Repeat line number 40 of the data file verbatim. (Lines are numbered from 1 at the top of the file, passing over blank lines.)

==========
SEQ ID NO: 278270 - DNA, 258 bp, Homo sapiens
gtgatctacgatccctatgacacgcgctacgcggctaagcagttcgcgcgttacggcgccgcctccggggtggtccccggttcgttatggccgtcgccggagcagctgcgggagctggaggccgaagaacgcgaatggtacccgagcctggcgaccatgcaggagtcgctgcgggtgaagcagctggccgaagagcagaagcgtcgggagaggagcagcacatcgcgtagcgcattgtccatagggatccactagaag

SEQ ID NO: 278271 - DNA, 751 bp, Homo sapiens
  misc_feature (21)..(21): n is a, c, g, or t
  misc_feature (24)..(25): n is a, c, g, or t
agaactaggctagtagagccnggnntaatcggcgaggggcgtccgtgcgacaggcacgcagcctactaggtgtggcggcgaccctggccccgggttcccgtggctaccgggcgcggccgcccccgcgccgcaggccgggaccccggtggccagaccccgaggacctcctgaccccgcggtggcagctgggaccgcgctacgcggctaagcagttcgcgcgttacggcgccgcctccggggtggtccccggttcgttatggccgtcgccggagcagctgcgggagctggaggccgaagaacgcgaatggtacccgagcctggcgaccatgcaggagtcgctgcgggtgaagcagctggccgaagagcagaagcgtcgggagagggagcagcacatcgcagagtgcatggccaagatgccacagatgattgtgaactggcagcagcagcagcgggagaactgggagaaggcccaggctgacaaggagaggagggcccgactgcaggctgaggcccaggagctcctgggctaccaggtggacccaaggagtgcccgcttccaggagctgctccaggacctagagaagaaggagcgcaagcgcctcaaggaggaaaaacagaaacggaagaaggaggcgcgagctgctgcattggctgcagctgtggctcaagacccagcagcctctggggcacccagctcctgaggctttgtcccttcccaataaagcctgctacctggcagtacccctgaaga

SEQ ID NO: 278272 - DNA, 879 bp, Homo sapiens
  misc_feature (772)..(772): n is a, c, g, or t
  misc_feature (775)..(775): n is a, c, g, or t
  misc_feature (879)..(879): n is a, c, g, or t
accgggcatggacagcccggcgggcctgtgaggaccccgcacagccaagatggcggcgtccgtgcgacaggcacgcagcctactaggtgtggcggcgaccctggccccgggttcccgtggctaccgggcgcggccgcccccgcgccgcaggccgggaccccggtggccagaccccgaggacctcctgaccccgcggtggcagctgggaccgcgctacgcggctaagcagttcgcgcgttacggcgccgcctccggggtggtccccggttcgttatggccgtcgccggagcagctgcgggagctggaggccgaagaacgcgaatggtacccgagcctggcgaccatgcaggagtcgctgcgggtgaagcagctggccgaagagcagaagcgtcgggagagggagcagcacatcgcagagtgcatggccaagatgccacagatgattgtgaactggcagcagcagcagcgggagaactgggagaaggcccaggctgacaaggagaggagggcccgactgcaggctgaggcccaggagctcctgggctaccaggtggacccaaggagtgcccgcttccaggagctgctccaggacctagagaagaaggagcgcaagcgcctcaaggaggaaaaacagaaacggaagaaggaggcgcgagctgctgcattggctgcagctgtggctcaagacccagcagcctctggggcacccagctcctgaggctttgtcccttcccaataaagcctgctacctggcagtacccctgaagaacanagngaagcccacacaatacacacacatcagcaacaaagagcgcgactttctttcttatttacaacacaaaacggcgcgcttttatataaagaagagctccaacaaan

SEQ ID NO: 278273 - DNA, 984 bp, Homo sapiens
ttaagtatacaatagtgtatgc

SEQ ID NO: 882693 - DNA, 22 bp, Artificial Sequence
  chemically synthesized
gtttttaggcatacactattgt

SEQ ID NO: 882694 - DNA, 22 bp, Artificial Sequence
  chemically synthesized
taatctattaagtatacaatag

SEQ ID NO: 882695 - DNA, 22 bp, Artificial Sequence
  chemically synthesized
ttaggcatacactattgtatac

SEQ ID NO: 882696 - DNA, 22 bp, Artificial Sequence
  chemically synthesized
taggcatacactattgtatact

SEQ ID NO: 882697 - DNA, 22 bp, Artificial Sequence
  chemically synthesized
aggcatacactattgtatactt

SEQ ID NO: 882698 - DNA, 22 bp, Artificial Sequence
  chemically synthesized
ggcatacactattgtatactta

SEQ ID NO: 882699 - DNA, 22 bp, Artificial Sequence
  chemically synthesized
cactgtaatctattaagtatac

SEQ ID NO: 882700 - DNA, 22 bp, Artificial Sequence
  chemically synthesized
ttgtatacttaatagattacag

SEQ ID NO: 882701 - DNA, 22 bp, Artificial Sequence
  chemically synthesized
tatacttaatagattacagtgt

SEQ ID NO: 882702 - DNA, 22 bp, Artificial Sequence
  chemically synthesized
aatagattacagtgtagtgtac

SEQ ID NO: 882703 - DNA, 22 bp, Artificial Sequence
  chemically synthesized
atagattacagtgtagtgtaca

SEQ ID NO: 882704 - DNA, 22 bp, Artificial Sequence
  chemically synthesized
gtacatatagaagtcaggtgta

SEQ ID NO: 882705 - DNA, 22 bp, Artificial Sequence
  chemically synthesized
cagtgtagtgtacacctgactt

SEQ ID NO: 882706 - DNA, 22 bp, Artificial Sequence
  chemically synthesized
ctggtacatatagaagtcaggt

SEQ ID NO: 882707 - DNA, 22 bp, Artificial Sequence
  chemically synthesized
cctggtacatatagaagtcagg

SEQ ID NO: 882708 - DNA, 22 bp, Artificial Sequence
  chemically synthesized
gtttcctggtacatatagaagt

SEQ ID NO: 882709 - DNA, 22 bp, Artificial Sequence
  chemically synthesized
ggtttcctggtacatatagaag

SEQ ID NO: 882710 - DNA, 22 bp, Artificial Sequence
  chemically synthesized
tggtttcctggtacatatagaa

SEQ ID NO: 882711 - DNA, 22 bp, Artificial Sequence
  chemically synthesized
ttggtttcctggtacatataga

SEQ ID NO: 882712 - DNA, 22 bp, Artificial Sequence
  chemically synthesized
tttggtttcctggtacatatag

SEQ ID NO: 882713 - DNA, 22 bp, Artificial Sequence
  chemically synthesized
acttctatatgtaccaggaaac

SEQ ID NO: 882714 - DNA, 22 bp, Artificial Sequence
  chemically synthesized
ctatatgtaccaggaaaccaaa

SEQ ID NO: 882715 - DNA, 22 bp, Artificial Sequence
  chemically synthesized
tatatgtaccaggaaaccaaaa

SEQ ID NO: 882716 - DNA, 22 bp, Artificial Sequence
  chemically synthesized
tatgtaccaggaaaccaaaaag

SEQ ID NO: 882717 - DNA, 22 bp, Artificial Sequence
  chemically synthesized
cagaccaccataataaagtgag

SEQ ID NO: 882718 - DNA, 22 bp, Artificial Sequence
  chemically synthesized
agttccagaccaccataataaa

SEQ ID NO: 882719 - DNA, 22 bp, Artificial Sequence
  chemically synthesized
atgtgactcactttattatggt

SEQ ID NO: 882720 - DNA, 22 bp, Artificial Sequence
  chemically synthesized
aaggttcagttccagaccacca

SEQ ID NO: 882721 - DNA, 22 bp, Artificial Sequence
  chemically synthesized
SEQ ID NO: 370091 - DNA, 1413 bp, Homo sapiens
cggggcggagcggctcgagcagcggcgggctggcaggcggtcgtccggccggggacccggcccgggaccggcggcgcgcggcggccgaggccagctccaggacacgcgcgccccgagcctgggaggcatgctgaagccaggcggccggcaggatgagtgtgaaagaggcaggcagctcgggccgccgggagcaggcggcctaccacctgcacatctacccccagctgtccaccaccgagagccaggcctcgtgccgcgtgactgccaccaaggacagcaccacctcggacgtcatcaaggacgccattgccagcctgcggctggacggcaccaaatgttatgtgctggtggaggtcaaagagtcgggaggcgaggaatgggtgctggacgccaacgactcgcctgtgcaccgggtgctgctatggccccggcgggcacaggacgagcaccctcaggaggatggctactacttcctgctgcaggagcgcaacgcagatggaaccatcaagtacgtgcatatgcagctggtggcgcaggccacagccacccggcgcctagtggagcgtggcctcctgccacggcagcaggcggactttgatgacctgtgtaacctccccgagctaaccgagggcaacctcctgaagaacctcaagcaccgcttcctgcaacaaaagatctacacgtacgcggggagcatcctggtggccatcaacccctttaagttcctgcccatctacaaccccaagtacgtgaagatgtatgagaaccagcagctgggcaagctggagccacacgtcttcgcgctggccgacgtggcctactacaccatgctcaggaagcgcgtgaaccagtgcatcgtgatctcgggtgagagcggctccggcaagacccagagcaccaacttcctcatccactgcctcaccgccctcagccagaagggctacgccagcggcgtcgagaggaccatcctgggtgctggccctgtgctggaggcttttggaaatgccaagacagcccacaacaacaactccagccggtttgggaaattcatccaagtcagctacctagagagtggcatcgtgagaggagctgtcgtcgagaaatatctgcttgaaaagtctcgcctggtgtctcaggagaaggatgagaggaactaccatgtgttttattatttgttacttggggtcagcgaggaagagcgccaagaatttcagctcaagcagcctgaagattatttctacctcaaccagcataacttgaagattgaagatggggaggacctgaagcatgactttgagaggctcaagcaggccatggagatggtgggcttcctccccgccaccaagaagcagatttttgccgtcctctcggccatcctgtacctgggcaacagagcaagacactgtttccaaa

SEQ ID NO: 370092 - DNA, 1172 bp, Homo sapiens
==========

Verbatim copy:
tatacttaatagattacagtgt